Teleworking in Luxembourg
During recent years, the concerns around family-work life balance have gained increased attention amongst the political and business sectors of Europe.
Many companies are now putting emphasis on opportunities to work remotely, enhancing the work-life balance whilst avoiding long commutes during peak hours.
Teleworking in particular is becoming highly appreciated by employers, allowing them to organise and execute work with the aim of providing employees greater flexibility and the ability to work from home. Whilst the employee reaps the benefits of remote working, the employer is also provided with certain guarantees and the security of a work contract.
Luxembourg in particular is one country embracing the teleworking lifestyle.
Jerome Hury, the head of social statistics at Statec has commented saying “Teleworking is booming. The number of teleworkers has tripled over the last 10 years.”
One of the main reasons proposed for the increase is the rise in traffic and travel issues around Luxembourg, resulting in viable alternatives being considered and the suggestion of flexible work arrangements.
With currently more than 190,000 cross-border commuters, Luxembourg consisted of employers living in Belgium, France and German with a small number Commuting from the UK. So, whilst being open to Luxembourg residents, teleworking is also becoming necessary for cross-border workers.
However, despite the ease of working from home, with it comes implications regarding income tax and social security, which in turn affects both the employee and employer.
Due to recent strict caps on the number of days employees can work abroad, limitations to remote working have been introduced.
Foreign governments are now insisting that employees begin paying taxes in the country they’re working from. Due to the cross-border commuting, Luxembourg, in particular, has had to reach agreements with its three neighbouring countries on exactly how many days cross-border employees can work from home whilst continuing to pay their taxes entirely in Luxembourg.
The negotiation has seen Belgium raise the number of days employees can telework between the two countries, becoming 24 days per year, compared to the 19 days per year for employees living in Germany. A new double-tax treaty has also been agreed with France, introducing a 29 day per year cap which is said to come into force during January 2020.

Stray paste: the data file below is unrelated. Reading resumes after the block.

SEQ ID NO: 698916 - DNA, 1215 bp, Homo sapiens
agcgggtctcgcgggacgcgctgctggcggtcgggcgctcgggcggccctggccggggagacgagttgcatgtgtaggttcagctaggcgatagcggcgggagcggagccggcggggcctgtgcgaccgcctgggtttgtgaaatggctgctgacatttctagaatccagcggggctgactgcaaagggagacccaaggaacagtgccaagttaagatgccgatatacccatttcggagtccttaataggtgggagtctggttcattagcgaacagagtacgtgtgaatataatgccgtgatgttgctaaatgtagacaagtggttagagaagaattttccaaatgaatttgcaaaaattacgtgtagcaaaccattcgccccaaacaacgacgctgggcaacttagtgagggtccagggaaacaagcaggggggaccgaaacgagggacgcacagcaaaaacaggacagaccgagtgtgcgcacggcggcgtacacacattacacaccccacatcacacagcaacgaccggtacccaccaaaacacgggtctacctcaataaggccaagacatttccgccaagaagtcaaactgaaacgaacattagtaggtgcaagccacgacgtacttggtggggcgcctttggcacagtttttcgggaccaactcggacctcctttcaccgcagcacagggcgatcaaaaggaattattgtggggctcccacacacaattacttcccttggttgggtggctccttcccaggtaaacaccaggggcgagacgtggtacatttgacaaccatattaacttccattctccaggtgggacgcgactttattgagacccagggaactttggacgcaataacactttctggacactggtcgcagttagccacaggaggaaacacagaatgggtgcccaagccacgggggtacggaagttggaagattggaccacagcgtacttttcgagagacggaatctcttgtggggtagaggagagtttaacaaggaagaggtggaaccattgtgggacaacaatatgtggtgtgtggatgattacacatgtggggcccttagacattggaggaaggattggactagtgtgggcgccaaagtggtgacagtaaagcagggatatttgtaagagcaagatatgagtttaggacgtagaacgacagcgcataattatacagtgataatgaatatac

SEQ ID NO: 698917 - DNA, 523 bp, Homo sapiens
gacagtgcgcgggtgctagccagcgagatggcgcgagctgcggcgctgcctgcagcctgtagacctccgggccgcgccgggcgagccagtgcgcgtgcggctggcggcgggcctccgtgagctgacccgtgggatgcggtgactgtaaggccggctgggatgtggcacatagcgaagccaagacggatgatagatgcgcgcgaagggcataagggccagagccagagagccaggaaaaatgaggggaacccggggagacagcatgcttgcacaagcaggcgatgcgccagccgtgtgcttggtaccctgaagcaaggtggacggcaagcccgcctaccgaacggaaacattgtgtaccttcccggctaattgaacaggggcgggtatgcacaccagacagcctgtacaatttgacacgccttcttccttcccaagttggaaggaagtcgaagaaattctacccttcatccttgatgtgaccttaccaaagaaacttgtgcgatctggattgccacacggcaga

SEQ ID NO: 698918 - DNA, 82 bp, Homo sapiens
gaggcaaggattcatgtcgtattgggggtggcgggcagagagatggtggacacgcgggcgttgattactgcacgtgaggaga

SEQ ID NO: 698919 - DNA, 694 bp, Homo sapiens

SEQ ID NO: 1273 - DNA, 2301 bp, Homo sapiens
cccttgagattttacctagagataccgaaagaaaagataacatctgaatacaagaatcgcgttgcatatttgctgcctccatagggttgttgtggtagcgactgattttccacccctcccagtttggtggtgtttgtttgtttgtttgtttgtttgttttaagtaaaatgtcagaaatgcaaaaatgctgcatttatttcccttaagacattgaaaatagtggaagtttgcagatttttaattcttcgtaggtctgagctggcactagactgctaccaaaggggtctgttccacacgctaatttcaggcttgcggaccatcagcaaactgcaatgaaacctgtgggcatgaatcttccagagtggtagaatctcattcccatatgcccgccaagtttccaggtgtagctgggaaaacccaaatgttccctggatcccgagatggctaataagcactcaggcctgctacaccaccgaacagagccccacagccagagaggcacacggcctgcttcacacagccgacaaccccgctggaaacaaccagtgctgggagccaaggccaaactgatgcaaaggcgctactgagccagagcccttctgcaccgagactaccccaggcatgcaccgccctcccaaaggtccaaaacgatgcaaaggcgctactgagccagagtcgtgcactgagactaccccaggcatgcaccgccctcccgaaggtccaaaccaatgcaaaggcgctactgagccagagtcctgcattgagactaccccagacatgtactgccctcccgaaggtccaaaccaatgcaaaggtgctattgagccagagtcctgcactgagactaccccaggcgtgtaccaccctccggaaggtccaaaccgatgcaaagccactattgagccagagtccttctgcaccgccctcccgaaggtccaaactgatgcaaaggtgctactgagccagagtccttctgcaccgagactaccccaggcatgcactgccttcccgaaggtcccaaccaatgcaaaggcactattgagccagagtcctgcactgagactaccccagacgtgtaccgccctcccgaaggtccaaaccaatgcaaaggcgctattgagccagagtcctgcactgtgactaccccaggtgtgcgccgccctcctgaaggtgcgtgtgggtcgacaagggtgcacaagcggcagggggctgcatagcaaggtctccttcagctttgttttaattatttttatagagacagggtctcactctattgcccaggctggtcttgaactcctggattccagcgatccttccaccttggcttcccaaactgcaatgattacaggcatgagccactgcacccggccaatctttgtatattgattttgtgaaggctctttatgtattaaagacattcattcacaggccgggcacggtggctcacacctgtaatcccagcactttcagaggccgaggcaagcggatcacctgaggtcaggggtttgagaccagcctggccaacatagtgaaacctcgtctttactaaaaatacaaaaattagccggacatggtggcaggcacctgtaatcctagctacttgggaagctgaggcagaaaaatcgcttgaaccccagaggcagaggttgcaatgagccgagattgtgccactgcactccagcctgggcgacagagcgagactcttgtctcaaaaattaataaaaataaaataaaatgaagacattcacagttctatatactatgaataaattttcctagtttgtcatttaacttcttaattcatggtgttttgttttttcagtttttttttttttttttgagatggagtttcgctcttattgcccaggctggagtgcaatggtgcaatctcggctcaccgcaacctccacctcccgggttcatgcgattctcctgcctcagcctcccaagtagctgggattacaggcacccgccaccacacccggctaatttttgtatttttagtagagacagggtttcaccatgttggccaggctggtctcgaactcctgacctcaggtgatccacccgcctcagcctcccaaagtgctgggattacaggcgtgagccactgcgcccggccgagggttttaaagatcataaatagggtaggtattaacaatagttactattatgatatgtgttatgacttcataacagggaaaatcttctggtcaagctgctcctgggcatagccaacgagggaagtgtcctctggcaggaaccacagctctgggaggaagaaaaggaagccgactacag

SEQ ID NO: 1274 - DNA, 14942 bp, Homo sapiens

As Luxembourg is the only European capital within commuting distance of three countries, the discussion of cross-border teleworking is very specific to that country. The main issue is the requirements to coordinate three legislations and tax treaties to ensure the movement goes forward.
However, it’s not just tax that poses an issue for teleworking employees either, if an employee spends more than a quarter of their working day in the country of residence, it could result in social security complications, including benefits such as parental leave, family benefits and health insurance.
Despite creating new possibilities for businesses and employees, teleworking could become very complicated. "The decision to live abroad is a personal choice and these employees must bear in mind the possible consequences," Pierre-Jean Estagerie, tax partner at Deloitte explains.
As there currently is no law regarding remote working, it’s essential that an agreement is in place between trade unions to ensure there are no breaks in the terms placed forward. It’s an interesting point to consider and with Brexit moving in closer, could the number of issues revolving teleworking increase?
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Tom Kennedy is the author of this article. He heads up Cameron Kennedy's service offering within the Luxembourg region. For further information please email email@example.com or call him on 0044 (0) 207 337 0011